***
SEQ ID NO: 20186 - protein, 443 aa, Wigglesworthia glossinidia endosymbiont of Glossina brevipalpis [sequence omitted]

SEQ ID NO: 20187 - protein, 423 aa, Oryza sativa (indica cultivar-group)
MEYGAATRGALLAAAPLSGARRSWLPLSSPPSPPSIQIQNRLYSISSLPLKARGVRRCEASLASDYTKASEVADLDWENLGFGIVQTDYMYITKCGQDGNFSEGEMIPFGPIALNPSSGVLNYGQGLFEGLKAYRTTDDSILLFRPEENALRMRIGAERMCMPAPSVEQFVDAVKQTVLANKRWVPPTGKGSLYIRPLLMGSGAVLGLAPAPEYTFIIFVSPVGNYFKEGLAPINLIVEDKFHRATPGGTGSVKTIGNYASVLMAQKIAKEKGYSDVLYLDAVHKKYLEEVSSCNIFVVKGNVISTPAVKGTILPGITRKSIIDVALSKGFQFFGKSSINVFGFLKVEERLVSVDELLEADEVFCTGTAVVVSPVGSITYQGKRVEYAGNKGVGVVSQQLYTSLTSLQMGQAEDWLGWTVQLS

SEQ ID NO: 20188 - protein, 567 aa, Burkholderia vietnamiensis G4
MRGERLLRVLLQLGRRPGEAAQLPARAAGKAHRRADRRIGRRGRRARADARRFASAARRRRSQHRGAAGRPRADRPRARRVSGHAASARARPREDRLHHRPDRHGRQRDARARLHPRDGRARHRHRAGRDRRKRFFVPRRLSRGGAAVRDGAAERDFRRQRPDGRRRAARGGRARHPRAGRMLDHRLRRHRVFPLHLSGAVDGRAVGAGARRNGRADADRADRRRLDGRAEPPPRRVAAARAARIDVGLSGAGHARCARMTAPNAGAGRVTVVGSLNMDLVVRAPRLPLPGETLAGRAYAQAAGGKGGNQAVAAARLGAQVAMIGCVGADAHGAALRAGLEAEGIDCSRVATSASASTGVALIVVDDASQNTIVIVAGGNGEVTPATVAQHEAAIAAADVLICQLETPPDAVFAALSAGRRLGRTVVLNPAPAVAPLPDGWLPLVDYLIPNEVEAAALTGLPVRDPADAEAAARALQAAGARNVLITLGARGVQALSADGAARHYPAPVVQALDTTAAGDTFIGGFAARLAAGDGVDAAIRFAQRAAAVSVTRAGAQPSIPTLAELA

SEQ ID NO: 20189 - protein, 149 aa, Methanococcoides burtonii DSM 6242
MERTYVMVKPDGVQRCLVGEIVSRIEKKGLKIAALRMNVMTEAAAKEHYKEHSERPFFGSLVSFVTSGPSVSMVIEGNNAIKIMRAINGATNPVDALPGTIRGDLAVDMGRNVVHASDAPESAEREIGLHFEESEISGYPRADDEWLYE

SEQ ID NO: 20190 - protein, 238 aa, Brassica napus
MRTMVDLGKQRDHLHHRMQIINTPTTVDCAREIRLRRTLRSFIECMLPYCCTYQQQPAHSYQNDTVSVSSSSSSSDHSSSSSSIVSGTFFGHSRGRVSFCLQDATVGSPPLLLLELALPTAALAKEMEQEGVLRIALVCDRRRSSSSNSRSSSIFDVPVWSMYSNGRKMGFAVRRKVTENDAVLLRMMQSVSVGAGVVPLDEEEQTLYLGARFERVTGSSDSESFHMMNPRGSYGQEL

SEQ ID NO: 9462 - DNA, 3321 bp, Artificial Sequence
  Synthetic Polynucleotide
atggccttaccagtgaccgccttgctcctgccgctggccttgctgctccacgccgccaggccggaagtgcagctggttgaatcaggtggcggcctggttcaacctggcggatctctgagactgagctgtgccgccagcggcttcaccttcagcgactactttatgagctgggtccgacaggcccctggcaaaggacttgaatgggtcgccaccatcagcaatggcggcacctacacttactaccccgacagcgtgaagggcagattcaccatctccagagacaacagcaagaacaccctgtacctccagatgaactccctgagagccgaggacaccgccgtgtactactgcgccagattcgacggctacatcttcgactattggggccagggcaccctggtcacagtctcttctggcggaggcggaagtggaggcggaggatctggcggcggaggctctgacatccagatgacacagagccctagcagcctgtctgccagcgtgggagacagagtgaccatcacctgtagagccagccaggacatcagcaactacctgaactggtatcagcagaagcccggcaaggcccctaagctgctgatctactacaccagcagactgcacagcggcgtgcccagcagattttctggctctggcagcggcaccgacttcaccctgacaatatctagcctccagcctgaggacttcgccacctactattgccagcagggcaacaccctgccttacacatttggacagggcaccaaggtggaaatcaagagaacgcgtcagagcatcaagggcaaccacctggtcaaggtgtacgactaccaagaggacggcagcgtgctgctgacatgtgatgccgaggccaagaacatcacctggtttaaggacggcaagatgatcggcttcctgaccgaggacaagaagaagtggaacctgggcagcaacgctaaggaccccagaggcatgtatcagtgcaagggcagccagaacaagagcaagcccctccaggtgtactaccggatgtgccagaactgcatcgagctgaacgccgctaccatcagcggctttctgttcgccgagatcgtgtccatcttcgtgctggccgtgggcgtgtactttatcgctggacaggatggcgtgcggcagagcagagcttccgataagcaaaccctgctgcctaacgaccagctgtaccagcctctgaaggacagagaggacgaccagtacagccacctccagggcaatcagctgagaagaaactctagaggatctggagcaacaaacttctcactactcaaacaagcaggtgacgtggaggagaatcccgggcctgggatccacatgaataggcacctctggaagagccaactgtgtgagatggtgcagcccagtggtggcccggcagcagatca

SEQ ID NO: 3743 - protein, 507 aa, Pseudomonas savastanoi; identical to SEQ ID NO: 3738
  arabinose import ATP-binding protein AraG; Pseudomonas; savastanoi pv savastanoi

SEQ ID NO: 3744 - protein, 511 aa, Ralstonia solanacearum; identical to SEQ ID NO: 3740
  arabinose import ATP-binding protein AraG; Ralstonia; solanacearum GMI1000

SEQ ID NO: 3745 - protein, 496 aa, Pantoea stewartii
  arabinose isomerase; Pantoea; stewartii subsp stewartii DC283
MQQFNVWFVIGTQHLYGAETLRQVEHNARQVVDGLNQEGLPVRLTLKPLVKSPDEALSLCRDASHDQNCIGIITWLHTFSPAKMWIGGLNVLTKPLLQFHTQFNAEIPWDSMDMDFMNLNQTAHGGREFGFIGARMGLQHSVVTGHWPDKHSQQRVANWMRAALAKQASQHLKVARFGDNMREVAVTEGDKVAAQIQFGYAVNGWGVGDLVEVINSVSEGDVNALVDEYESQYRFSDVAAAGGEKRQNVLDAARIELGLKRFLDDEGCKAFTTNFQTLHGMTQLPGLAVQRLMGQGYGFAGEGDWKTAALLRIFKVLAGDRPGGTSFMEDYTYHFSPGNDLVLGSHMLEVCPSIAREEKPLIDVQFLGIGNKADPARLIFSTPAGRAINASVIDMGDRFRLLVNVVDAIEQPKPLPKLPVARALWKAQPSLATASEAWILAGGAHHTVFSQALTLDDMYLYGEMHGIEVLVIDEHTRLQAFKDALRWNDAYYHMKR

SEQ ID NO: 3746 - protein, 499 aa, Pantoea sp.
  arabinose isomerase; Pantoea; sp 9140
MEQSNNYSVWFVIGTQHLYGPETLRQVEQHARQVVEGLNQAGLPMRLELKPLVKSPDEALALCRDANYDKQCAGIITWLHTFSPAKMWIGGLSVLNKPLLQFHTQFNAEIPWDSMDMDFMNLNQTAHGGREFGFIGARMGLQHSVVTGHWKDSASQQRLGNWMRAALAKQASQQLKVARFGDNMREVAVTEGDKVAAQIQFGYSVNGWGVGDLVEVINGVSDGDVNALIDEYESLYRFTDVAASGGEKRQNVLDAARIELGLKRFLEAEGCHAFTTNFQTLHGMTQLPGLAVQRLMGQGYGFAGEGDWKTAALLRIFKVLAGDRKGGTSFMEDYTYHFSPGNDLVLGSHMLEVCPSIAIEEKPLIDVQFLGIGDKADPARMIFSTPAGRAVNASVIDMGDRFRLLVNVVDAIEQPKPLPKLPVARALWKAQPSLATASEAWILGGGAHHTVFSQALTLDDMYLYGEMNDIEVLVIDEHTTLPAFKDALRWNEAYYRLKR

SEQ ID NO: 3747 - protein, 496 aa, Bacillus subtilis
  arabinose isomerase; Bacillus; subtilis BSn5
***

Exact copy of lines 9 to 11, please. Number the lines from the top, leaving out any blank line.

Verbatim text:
MRTMVDLGKQRDHLHHRMQIINTPTTVDCAREIRLRRTLRSFIECMLPYCCTYQQQPAHSYQNDTVSVSSSSSSSDHSSSSSSIVSGTFFGHSRGRVSFCLQDATVGSPPLLLLELALPTAALAKEMEQEGVLRIALVCDRRRSSSSNSRSSSIFDVPVWSMYSNGRKMGFAVRRKVTENDAVLLRMMQSVSVGAGVVPLDEEEQTLYLGARFERVTGSSDSESFHMMNPRGSYGQEL

SEQ ID NO: 9462 - DNA, 3321 bp, Artificial Sequence
  Synthetic Polynucleotide